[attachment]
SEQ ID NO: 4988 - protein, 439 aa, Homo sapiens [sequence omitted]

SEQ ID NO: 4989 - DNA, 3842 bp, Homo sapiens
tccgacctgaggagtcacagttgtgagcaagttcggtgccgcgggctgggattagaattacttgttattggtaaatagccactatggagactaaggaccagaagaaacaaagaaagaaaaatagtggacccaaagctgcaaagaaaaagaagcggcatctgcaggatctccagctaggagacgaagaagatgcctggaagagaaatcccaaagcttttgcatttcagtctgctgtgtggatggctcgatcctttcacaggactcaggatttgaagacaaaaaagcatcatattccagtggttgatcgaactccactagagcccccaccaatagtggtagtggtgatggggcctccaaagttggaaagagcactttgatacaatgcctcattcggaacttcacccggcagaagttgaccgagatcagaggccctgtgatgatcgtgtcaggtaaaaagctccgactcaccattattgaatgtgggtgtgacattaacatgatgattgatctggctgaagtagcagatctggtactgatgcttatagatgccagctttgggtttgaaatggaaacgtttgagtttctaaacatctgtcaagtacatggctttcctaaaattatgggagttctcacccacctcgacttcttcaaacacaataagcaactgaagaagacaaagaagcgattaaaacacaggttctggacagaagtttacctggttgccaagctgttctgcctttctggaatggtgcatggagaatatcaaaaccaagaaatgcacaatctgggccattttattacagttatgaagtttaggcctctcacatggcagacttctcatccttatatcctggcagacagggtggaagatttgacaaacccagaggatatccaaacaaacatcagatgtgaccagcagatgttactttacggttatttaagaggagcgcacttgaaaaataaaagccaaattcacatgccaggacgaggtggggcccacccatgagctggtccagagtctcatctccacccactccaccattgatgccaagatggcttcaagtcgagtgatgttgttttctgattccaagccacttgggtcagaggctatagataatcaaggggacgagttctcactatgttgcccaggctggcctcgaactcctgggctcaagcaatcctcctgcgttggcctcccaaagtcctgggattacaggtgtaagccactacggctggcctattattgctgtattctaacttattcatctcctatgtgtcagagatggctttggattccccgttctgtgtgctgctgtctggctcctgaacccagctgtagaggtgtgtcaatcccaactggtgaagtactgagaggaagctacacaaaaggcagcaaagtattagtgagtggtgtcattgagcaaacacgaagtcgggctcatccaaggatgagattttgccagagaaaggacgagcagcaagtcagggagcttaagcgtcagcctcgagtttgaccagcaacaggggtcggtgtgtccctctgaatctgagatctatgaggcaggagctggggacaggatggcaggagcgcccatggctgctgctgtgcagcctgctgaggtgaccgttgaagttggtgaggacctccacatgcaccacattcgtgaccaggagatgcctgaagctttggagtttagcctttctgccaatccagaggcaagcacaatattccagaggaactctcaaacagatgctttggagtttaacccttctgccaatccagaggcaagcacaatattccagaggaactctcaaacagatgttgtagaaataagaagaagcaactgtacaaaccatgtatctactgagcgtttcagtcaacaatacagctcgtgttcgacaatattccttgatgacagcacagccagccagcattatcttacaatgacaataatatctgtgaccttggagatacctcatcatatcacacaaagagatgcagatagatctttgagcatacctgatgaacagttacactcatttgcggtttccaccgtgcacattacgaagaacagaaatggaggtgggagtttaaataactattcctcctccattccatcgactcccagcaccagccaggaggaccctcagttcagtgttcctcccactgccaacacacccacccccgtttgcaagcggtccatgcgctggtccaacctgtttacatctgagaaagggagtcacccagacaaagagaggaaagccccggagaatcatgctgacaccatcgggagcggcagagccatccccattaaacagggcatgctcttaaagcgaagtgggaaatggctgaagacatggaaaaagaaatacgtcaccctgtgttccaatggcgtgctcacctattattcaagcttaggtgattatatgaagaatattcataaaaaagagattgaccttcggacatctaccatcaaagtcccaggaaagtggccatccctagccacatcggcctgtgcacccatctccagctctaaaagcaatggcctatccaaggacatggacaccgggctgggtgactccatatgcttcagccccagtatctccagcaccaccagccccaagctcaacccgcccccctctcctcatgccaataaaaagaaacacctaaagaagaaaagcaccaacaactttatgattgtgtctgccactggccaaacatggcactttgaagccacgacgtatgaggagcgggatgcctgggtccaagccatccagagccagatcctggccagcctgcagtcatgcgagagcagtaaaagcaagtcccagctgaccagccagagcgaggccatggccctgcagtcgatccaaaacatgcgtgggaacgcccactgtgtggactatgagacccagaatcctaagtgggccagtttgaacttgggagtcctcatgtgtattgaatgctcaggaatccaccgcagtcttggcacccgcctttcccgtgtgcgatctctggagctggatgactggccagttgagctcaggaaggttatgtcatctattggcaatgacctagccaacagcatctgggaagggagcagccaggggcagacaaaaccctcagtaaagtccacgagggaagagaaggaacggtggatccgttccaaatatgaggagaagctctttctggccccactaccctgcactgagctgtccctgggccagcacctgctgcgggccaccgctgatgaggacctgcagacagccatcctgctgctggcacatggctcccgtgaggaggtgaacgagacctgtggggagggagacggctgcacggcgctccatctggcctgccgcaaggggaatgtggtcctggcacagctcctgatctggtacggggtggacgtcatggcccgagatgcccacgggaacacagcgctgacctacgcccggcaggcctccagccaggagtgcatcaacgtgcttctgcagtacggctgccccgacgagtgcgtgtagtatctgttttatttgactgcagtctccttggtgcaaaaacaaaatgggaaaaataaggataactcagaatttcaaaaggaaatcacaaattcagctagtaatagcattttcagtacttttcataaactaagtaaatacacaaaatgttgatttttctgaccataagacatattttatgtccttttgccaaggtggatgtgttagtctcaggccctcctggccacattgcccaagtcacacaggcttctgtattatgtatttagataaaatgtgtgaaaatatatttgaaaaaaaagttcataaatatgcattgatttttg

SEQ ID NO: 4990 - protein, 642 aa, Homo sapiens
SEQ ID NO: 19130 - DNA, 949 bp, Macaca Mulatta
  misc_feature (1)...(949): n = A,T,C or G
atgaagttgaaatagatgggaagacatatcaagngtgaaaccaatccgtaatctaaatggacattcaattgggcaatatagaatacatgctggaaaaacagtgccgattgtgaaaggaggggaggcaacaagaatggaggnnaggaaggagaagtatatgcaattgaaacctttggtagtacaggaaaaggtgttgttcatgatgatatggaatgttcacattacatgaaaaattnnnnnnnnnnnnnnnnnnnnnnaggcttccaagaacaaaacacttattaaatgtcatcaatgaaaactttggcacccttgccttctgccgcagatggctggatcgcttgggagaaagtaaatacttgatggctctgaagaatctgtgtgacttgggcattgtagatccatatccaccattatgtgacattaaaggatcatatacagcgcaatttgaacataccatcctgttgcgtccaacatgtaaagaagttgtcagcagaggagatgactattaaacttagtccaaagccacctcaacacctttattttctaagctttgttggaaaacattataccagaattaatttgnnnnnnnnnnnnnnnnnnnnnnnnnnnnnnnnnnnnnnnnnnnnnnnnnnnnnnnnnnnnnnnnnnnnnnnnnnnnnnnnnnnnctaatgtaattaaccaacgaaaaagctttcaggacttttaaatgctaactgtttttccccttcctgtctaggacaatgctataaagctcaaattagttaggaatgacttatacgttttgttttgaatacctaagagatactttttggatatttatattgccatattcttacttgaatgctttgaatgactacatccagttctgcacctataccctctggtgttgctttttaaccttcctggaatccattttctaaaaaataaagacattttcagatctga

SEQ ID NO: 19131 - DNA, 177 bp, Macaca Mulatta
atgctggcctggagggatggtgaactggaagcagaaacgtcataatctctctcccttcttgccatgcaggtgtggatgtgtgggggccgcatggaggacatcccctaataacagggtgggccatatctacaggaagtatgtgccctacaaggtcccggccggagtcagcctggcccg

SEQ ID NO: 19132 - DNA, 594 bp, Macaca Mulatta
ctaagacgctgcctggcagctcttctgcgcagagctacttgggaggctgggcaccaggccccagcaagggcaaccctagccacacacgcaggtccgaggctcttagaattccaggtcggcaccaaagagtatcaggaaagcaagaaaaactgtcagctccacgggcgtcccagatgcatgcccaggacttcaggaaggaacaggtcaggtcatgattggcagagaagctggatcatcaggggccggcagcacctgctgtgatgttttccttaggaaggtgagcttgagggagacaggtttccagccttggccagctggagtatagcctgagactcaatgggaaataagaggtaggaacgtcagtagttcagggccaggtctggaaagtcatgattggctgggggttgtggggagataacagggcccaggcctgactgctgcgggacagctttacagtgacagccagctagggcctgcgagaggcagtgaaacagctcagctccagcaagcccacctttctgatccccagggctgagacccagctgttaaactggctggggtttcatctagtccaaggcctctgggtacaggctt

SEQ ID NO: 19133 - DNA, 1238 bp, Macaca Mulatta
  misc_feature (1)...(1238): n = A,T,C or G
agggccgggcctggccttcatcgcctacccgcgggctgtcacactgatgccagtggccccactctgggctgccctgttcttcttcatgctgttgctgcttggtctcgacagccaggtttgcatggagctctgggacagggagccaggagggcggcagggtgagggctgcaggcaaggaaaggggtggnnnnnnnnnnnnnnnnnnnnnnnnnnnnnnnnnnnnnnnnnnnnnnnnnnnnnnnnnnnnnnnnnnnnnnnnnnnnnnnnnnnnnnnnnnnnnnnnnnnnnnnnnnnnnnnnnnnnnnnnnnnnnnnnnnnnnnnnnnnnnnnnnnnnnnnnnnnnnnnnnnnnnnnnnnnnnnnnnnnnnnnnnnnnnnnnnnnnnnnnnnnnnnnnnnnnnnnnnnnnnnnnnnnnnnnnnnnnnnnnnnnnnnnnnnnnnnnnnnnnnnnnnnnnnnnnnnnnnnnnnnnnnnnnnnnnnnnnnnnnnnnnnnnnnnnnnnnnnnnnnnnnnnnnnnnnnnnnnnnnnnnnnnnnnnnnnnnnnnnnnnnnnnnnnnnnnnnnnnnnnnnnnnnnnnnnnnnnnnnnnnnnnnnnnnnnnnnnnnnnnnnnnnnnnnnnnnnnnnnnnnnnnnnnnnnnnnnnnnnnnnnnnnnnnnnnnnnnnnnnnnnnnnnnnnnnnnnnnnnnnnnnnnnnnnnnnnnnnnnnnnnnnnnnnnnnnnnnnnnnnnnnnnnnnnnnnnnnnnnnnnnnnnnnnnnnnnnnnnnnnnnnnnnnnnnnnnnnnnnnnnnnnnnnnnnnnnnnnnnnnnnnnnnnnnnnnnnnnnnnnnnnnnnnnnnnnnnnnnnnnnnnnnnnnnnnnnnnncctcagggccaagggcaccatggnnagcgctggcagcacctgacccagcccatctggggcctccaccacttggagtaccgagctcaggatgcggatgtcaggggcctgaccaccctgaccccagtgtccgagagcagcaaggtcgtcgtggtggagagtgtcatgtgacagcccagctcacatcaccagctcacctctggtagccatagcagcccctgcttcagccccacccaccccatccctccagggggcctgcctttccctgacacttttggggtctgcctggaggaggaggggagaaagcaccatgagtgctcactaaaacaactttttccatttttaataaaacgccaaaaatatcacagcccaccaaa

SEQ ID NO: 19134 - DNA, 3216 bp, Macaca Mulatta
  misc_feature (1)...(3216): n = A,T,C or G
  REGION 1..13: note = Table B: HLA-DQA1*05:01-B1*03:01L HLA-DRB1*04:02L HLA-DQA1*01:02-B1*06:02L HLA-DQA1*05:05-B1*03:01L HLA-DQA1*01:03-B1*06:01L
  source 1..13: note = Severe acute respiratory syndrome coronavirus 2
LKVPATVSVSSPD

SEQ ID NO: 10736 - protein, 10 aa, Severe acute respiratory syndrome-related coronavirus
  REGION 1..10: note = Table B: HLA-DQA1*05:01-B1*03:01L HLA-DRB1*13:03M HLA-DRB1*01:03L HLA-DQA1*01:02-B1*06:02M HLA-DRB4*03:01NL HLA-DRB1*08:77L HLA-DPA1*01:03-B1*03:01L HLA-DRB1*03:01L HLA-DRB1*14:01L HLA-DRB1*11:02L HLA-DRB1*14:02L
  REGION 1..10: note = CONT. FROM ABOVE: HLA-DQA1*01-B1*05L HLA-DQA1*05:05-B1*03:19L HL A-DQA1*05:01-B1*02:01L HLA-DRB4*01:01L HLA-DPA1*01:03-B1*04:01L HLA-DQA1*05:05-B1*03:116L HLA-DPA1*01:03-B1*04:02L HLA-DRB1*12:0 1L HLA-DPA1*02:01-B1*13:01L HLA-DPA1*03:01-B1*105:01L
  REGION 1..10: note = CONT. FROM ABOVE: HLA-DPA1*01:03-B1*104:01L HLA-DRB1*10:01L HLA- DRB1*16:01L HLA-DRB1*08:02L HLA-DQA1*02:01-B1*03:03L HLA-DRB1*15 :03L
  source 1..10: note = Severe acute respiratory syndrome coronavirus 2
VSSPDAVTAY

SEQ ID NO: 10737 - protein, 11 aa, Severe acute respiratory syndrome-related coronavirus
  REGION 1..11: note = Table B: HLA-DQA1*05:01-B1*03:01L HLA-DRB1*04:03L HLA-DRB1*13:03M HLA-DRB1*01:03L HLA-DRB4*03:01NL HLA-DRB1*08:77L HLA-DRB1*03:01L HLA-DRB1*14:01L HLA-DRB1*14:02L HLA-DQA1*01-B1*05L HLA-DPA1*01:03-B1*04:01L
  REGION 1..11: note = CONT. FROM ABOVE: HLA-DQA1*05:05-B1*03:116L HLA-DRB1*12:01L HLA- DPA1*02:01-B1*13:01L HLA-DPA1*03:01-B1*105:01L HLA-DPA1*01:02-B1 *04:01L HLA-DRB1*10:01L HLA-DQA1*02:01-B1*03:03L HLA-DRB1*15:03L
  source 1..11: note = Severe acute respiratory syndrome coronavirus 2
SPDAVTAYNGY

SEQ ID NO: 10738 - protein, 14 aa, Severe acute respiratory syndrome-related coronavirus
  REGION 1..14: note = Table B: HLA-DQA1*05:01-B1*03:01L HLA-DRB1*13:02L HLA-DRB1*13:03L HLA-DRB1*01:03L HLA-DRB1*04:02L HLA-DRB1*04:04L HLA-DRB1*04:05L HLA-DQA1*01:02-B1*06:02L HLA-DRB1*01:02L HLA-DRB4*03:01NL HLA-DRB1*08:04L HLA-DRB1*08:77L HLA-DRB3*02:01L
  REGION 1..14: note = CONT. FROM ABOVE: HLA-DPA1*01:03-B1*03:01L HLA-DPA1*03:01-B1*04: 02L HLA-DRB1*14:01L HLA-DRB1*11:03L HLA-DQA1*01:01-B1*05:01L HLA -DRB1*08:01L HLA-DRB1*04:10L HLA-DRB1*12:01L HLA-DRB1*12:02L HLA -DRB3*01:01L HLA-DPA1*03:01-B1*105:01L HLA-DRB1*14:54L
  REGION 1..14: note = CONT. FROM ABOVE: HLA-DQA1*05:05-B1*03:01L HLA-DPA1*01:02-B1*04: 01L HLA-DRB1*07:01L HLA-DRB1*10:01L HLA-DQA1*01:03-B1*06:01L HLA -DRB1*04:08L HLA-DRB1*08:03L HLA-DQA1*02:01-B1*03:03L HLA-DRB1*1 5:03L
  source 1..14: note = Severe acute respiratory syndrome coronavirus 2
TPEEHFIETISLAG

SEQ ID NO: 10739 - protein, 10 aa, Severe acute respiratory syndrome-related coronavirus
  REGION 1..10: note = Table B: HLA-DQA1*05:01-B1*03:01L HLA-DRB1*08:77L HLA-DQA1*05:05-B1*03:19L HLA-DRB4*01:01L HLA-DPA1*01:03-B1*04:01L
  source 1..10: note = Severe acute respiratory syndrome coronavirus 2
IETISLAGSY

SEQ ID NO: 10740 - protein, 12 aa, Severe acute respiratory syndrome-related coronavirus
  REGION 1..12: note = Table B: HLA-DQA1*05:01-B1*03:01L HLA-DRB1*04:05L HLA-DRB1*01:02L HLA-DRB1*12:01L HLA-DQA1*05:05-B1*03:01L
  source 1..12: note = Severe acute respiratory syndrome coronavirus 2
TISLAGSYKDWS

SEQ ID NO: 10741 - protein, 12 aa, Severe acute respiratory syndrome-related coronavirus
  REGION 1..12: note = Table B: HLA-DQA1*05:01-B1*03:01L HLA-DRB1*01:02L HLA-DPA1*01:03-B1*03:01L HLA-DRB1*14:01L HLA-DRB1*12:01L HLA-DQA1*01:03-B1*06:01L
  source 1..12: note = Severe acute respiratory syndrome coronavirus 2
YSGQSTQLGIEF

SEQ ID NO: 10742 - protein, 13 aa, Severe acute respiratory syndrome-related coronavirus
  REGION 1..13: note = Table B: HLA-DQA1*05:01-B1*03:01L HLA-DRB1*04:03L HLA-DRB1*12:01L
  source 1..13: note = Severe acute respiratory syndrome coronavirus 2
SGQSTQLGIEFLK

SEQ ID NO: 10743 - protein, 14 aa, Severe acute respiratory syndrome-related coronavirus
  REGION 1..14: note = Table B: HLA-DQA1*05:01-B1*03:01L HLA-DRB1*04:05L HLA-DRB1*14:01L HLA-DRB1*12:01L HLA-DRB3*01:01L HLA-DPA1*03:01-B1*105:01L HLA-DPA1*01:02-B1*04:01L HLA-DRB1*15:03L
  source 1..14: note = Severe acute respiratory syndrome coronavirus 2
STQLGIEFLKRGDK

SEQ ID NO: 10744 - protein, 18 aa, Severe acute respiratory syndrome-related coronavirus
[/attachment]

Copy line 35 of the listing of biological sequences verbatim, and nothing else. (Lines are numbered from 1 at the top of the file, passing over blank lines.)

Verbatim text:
  source 1..14: note = Severe acute respiratory syndrome coronavirus 2